There was a predominance of Parsis attending concerts in WCM then with nearly 80% Parsis in the audience! Unfortunately, this support has dwindled now. There were so many participants and significant contributors to WCM. There is no denying the creative bent in Parsis – there is always some work of art in most Parsi homes. There’s always been this attraction towards this art, but it gets overshadowed by the fear of failure – and it is that sense of fear that the community leaders ought to exhorcise with their active support. Earlier, I remember, we would have so many BPP Trustees attending concerts, but I hardly see any now. We need to make a concerted effort, as a community and as leaders, to encourage our good teachers to pursue a profession in WCM, so they can get the best out of our students, and create more Zubin Mehtas! NCPA is committed towards this goal and we look forward to seeing many more Parsi enthusiasts in our Symphony of India (SOI) orchestra and the Advanced School.”

The Myth About A Career In WCM:

“Even now, the majority of concert goers for WCM are Parsis, but the scene is changing as WCM has won over a number of Indian enthusaists, even as Parsi patronisation has gone down. Even in our Advanced School Of Music, there’s a majority of non-Parsis. This could be because there is a general misperception amongst parents that this is not a real profession and might not make you succeed, so do not encourage their children in the field of music. In our small community we have so many global stars in addition to Zubin Mehta… Fali Pavri is a pianist who trained in Moscow Academy for seven years and is currently the Professor of Music at Glasgow and doing very well! Our young Counter Tenor, Bejan Mehta, is among the top 3 in the world. Then there was Freddie Mercury too! Some of our kin are playing in orchestras all over the world but we don’t hear too much as they may have left India for a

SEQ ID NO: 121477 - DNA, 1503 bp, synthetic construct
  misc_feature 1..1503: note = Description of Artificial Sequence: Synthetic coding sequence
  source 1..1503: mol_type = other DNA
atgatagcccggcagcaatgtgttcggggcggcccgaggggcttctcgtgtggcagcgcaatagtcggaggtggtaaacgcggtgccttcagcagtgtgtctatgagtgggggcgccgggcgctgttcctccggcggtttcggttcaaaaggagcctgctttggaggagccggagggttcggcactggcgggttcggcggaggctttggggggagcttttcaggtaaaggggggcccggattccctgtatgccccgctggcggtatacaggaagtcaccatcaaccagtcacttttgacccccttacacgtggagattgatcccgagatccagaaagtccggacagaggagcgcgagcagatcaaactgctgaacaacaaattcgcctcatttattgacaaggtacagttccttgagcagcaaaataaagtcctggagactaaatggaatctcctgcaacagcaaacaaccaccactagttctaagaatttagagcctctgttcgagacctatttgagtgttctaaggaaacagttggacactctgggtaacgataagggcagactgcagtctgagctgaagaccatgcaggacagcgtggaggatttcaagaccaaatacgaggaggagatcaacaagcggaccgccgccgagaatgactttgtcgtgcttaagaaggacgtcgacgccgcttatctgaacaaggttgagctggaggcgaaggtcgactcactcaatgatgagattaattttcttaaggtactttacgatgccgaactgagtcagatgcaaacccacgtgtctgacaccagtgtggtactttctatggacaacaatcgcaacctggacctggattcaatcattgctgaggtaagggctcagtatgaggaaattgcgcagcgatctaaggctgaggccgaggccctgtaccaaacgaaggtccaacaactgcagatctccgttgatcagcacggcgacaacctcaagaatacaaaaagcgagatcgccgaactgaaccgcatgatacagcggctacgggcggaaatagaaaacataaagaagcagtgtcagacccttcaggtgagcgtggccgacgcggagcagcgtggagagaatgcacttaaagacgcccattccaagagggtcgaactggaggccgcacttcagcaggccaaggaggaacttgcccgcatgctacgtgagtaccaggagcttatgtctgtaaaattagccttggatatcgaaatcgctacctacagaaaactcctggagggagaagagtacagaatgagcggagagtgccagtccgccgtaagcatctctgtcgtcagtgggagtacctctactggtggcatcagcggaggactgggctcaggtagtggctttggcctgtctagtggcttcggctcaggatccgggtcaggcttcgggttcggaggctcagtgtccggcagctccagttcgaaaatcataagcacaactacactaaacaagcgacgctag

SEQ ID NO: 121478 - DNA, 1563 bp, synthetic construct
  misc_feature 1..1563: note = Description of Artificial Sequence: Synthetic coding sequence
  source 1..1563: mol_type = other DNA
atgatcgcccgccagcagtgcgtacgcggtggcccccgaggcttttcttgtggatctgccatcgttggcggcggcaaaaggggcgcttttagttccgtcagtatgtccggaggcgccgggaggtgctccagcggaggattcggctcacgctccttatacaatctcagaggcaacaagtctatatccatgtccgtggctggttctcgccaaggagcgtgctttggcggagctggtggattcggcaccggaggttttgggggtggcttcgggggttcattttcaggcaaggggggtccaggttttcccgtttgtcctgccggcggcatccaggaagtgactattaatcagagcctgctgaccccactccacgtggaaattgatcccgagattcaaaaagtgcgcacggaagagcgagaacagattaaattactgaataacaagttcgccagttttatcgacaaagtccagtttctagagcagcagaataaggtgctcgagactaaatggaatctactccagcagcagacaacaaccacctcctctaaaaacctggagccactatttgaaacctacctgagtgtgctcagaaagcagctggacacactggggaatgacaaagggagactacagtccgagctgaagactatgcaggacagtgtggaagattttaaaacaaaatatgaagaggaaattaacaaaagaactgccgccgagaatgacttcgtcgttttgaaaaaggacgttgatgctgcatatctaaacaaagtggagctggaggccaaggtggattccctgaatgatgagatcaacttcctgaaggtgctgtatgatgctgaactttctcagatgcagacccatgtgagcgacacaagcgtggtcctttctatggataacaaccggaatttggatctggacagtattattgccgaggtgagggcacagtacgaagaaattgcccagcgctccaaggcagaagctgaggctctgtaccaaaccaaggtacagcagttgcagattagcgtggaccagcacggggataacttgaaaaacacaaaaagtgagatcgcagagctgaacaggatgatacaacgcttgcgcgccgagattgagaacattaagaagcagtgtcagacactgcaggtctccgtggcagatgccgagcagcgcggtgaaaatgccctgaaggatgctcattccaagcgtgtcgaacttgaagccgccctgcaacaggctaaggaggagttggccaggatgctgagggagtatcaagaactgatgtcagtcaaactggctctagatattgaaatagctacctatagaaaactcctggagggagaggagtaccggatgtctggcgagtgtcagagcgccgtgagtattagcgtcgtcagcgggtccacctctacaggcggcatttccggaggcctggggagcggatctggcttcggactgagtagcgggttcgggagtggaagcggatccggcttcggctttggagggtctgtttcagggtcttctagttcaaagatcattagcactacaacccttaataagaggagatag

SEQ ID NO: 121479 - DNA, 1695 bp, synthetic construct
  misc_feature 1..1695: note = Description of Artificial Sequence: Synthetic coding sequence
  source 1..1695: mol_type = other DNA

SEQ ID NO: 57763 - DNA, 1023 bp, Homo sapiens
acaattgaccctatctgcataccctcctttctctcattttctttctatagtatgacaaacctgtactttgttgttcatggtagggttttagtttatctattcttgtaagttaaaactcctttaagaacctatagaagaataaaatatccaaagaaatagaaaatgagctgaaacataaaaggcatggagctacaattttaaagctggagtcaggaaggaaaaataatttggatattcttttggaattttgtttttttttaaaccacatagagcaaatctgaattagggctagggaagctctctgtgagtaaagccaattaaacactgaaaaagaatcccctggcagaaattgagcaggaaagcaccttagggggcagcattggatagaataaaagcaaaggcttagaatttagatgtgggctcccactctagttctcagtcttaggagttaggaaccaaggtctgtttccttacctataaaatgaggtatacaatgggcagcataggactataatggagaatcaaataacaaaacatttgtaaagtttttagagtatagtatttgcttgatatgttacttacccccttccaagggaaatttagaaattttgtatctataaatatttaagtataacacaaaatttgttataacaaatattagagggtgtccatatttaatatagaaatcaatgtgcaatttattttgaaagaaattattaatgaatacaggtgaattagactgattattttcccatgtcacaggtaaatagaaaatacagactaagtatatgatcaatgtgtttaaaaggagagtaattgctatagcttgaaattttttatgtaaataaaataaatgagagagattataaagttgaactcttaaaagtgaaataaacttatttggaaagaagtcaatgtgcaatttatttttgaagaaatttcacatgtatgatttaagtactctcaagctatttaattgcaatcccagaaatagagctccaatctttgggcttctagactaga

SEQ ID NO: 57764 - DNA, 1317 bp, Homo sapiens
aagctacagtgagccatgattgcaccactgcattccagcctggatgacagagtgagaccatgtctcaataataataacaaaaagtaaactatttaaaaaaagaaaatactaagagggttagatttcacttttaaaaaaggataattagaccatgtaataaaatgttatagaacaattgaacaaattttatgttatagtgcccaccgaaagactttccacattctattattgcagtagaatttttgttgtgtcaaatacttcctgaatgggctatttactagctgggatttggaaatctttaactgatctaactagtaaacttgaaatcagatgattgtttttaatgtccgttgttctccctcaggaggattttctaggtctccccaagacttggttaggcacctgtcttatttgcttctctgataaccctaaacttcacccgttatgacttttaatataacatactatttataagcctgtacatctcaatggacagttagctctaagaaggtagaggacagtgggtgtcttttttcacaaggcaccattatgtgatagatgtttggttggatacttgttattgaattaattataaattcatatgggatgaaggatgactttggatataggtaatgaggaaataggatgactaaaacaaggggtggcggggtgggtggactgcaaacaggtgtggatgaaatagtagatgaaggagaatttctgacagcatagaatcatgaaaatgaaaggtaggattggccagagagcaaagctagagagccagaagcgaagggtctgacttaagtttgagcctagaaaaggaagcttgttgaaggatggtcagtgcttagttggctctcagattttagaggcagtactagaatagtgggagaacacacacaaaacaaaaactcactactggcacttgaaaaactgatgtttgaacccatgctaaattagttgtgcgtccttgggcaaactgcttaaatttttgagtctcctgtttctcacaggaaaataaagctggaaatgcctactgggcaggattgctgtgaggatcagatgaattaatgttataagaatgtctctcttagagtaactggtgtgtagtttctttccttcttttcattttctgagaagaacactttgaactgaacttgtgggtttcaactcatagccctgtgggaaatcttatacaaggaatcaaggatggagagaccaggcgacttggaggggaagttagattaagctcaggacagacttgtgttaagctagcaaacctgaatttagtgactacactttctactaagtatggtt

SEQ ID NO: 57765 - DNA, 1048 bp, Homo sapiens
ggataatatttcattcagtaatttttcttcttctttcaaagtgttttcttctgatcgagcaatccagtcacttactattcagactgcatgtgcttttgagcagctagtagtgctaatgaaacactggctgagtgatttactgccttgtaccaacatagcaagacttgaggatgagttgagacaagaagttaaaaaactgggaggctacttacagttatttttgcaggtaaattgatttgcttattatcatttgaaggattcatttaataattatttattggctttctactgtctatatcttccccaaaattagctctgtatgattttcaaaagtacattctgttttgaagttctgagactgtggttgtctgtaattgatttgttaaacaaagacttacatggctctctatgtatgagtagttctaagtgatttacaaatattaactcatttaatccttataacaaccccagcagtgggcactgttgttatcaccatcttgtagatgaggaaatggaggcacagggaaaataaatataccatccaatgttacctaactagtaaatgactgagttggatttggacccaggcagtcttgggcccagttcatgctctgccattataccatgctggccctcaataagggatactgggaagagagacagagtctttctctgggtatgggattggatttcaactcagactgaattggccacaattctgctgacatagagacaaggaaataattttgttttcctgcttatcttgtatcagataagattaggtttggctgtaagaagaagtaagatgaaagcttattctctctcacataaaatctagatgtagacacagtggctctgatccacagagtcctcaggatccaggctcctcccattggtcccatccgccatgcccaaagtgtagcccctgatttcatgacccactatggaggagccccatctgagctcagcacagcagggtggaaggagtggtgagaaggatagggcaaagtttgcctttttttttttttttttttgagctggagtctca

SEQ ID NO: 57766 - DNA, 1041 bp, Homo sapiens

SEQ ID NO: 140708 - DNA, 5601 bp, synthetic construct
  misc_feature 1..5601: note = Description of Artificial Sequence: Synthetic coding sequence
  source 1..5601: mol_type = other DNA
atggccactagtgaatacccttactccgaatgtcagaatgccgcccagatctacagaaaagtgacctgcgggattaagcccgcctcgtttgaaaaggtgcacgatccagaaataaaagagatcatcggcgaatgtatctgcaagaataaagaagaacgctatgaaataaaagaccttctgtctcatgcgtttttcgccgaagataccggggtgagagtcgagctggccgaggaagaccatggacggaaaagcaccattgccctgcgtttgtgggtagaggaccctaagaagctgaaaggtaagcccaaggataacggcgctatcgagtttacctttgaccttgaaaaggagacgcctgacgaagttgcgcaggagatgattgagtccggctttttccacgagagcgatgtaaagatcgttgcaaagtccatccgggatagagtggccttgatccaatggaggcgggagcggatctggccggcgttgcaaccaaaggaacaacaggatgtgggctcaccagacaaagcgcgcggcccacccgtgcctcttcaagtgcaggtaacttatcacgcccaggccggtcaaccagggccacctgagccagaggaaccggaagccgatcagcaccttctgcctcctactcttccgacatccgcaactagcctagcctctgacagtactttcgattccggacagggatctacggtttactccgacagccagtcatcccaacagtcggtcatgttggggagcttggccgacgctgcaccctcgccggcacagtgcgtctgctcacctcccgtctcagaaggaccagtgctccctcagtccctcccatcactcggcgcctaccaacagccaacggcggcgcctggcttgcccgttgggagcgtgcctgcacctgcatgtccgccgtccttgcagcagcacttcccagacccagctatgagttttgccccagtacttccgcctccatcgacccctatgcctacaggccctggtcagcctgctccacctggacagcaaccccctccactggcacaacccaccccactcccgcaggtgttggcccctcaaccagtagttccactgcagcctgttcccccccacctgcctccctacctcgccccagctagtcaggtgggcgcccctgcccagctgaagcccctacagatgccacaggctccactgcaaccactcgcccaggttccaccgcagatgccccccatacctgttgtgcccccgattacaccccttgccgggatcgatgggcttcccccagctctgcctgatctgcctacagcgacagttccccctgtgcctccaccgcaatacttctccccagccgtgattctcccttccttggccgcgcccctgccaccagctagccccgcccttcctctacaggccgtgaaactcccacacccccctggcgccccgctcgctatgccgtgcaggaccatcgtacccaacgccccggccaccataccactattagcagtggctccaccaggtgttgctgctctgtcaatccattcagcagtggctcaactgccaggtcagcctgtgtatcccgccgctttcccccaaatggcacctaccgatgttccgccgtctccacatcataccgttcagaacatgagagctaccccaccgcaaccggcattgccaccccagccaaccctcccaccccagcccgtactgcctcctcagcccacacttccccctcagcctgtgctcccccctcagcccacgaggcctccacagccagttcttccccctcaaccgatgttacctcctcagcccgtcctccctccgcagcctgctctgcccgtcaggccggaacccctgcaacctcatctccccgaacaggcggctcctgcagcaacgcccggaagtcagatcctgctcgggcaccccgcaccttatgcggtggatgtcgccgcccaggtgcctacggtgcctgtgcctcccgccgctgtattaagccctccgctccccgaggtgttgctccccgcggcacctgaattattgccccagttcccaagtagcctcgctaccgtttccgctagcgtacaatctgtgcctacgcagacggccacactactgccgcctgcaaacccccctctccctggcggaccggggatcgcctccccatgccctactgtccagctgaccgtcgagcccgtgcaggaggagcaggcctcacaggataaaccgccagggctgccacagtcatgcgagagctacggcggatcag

global stage but they’ve done very well. At our Advanced School, we had a brilliant pianist, Soli Nicholson, a teenager, whose passion for music is unbelievable and he progressed like a meteor in our Advanced School. He’s abroad and doing
extremely well there. I hope to give him a concert soon!

The NCPA is always ready to encourage everybody to hone themselves in WCM and I’m particularly happy to see some Parsis still carrying that flag today.”

Note To Parents:

“If your child is talented, please encourage them to pursue this passion and let them go. Everybody wants a cricketer cause that’s where the money is! Earlier, we were encouraged to pursue passions. This still happens but only abroad – maybe that is why we see an alarming increase in Parsis moving out of India! These days, children are so caught up in academics and social media platforms that they end up missing out on a holistic education. Music and the arts mould your personality in a way nothing else can. They enrich the soul and fill you with substance. Do encourage your children to participate in arts and performing arts, rather than various other attractions which neither bear any real fruit nor add to their development. Create an atmosphere to encourage art at home. Make them grow up listening to great music.”

The Symphony Orchestra of India

Reaching Out To WCM enthusiasts and the Parsi Community through Parsi Times:

“The NCPA is very happy to start a column with PT that will encourage and rekindle the love for Western Classical Music in our community. Being a secular institution, our aim is to encourage all children to participate. But with the Parsis’ prominent love for music, and our WCM patrons being predominantly Parsis, I believe Parsi Times is the relevant paper to share information within the community.

Jamshedi Navroz Mubarak to all!”